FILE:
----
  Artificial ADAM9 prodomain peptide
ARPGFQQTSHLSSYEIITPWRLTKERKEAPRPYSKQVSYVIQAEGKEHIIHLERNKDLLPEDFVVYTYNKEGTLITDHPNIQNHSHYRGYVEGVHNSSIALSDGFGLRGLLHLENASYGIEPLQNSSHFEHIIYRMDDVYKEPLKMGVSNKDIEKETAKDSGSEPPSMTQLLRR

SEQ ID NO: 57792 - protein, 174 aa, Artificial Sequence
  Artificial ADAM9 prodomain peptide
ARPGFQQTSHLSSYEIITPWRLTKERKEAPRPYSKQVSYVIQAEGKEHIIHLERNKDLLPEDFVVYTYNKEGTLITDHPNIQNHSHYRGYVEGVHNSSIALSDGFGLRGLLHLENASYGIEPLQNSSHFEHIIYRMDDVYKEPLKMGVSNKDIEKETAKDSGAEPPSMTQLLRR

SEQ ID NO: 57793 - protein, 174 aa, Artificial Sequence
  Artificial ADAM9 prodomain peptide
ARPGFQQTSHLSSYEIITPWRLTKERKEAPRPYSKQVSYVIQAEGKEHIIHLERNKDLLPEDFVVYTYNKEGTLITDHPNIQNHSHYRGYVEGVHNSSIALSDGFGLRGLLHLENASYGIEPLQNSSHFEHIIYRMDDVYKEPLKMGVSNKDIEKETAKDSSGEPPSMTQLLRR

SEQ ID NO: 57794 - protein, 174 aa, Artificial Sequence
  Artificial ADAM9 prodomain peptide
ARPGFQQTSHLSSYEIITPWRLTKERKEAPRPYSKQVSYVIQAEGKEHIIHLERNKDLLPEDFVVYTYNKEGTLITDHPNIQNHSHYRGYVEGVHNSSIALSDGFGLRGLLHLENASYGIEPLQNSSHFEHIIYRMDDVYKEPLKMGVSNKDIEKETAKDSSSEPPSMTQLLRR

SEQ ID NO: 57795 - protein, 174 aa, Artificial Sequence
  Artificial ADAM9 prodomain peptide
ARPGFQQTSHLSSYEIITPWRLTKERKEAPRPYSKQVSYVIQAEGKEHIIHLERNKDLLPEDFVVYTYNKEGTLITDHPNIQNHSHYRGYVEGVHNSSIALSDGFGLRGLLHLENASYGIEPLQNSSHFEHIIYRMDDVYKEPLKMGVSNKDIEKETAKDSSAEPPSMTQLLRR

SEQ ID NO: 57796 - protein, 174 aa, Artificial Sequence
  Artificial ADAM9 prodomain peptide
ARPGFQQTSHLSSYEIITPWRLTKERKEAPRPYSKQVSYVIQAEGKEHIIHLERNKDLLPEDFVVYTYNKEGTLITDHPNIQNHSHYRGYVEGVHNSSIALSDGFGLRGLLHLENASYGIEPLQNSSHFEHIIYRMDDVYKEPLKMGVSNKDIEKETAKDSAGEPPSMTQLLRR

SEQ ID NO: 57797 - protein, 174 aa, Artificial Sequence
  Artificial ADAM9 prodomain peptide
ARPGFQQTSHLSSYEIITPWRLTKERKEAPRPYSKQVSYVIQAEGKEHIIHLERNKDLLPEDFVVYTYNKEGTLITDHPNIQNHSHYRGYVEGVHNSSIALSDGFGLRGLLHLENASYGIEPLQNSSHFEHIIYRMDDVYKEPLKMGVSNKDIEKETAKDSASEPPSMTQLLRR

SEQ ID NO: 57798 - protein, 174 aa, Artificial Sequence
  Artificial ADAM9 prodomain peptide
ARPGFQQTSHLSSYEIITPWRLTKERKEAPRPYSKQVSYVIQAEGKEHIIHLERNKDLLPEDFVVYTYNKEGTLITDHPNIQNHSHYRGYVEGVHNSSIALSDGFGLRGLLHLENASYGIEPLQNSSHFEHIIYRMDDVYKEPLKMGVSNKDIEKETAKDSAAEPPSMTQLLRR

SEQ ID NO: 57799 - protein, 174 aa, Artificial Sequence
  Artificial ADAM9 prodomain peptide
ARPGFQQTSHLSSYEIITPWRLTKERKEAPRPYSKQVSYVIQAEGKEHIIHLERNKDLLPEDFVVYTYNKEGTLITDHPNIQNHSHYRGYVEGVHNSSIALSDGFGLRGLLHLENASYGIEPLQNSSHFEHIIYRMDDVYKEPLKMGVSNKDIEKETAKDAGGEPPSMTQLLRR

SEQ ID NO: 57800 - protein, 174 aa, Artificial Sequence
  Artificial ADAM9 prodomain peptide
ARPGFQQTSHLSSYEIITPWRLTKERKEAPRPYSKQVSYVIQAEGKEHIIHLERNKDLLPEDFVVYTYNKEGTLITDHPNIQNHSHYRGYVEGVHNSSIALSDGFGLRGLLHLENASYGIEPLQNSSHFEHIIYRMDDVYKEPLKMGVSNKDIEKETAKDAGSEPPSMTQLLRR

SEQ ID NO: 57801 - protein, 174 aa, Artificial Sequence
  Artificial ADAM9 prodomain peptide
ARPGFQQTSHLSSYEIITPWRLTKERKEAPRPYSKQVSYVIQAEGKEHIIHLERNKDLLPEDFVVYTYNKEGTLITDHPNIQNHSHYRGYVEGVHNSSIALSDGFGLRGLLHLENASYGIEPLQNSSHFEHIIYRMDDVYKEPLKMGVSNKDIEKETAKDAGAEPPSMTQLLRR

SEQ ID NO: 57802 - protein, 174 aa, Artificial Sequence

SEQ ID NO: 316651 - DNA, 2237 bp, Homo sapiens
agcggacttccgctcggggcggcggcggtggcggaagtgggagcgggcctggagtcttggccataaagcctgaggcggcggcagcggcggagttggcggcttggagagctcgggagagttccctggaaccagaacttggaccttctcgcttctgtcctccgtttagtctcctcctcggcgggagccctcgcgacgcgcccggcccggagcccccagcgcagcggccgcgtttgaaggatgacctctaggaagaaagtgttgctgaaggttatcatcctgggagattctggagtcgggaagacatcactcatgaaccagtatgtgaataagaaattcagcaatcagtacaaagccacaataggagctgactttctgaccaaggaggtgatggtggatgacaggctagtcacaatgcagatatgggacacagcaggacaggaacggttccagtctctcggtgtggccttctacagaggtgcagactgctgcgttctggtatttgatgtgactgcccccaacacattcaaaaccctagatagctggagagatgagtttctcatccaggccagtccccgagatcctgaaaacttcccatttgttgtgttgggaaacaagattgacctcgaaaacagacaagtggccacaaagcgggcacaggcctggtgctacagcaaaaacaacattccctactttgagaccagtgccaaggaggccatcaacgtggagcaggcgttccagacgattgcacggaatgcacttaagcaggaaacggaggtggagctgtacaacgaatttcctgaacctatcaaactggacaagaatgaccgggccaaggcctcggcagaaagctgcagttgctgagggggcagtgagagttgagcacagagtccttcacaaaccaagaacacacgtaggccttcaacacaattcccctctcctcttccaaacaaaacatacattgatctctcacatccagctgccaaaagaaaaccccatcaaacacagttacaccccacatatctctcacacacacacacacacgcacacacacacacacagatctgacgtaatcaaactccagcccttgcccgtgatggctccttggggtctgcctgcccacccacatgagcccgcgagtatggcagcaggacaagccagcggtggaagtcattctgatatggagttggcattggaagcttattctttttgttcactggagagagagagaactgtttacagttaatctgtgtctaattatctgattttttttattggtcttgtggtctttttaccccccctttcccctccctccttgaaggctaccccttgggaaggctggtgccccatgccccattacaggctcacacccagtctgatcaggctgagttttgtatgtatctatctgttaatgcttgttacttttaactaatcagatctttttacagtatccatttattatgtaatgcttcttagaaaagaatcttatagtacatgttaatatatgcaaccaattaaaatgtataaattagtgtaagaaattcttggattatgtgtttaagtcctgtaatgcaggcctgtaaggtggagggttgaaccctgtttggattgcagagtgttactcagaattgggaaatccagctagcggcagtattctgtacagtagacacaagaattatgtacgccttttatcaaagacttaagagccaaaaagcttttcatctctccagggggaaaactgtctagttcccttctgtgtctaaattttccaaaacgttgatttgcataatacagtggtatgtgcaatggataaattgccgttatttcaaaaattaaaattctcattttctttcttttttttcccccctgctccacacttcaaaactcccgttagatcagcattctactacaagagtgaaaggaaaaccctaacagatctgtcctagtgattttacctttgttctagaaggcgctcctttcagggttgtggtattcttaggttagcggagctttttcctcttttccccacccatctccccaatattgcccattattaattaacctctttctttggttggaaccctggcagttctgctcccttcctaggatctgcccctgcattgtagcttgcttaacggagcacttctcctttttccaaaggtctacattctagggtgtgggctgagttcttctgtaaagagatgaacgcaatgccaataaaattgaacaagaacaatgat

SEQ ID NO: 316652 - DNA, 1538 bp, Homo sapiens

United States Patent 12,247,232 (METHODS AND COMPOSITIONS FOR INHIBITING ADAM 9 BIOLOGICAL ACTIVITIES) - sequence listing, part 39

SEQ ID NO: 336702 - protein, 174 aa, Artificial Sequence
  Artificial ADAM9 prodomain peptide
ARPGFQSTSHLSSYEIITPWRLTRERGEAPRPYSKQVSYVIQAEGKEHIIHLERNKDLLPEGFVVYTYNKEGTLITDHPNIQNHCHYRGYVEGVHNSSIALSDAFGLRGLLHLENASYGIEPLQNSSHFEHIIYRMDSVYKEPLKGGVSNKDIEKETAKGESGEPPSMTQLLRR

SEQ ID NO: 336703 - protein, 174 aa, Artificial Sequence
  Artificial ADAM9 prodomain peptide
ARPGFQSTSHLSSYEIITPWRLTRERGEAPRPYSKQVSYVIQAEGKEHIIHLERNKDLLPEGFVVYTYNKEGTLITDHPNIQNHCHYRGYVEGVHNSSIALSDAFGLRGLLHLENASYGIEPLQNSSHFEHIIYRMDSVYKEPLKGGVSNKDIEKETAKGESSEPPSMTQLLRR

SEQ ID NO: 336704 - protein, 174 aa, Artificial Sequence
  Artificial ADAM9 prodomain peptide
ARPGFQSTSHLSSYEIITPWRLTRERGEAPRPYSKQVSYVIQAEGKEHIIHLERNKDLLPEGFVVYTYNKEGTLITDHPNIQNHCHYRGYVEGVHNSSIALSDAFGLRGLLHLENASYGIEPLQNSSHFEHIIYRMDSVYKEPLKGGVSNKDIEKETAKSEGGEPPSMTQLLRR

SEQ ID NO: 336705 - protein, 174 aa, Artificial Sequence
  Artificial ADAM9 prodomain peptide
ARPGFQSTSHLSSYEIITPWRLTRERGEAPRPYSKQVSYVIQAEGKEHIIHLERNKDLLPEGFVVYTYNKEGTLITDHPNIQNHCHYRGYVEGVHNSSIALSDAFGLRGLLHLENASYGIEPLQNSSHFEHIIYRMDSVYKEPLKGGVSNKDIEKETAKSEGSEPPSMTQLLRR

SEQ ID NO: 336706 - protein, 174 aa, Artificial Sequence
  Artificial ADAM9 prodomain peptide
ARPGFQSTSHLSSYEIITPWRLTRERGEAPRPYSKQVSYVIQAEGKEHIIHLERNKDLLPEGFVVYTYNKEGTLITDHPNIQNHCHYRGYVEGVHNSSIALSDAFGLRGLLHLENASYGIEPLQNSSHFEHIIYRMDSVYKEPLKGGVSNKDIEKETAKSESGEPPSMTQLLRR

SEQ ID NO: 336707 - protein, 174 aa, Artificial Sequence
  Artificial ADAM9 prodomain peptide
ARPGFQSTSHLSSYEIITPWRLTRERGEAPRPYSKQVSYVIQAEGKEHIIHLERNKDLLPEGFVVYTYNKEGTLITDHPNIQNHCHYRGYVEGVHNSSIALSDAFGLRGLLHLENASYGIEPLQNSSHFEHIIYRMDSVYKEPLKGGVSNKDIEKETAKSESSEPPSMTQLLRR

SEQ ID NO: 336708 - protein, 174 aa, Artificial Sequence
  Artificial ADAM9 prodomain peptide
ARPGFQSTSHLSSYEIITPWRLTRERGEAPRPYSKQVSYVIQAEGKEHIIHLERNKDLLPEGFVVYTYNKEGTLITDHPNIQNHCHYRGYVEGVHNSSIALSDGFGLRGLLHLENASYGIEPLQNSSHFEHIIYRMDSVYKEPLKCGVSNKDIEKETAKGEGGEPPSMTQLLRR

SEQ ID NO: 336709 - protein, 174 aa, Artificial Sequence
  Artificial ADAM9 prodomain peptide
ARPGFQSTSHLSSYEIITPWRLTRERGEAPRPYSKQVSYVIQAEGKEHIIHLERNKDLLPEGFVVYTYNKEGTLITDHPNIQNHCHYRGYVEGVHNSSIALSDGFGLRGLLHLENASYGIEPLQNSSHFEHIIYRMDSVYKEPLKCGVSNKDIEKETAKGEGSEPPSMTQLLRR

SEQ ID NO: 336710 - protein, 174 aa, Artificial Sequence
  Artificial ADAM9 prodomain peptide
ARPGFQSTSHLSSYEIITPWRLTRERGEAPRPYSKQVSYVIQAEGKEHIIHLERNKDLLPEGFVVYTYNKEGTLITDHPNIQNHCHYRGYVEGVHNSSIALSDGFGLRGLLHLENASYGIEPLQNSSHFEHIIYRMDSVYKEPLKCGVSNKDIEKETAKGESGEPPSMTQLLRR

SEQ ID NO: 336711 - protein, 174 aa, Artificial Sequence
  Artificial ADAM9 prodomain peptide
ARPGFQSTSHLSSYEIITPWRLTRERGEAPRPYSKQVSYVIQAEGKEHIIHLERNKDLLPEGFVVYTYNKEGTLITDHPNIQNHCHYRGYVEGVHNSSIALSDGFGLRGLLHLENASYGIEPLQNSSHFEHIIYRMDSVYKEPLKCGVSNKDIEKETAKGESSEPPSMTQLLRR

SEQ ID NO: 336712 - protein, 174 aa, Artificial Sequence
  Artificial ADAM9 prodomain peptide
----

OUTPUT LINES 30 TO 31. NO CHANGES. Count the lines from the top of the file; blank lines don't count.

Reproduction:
SEQ ID NO: 57801 - protein, 174 aa, Artificial Sequence
  Artificial ADAM9 prodomain peptide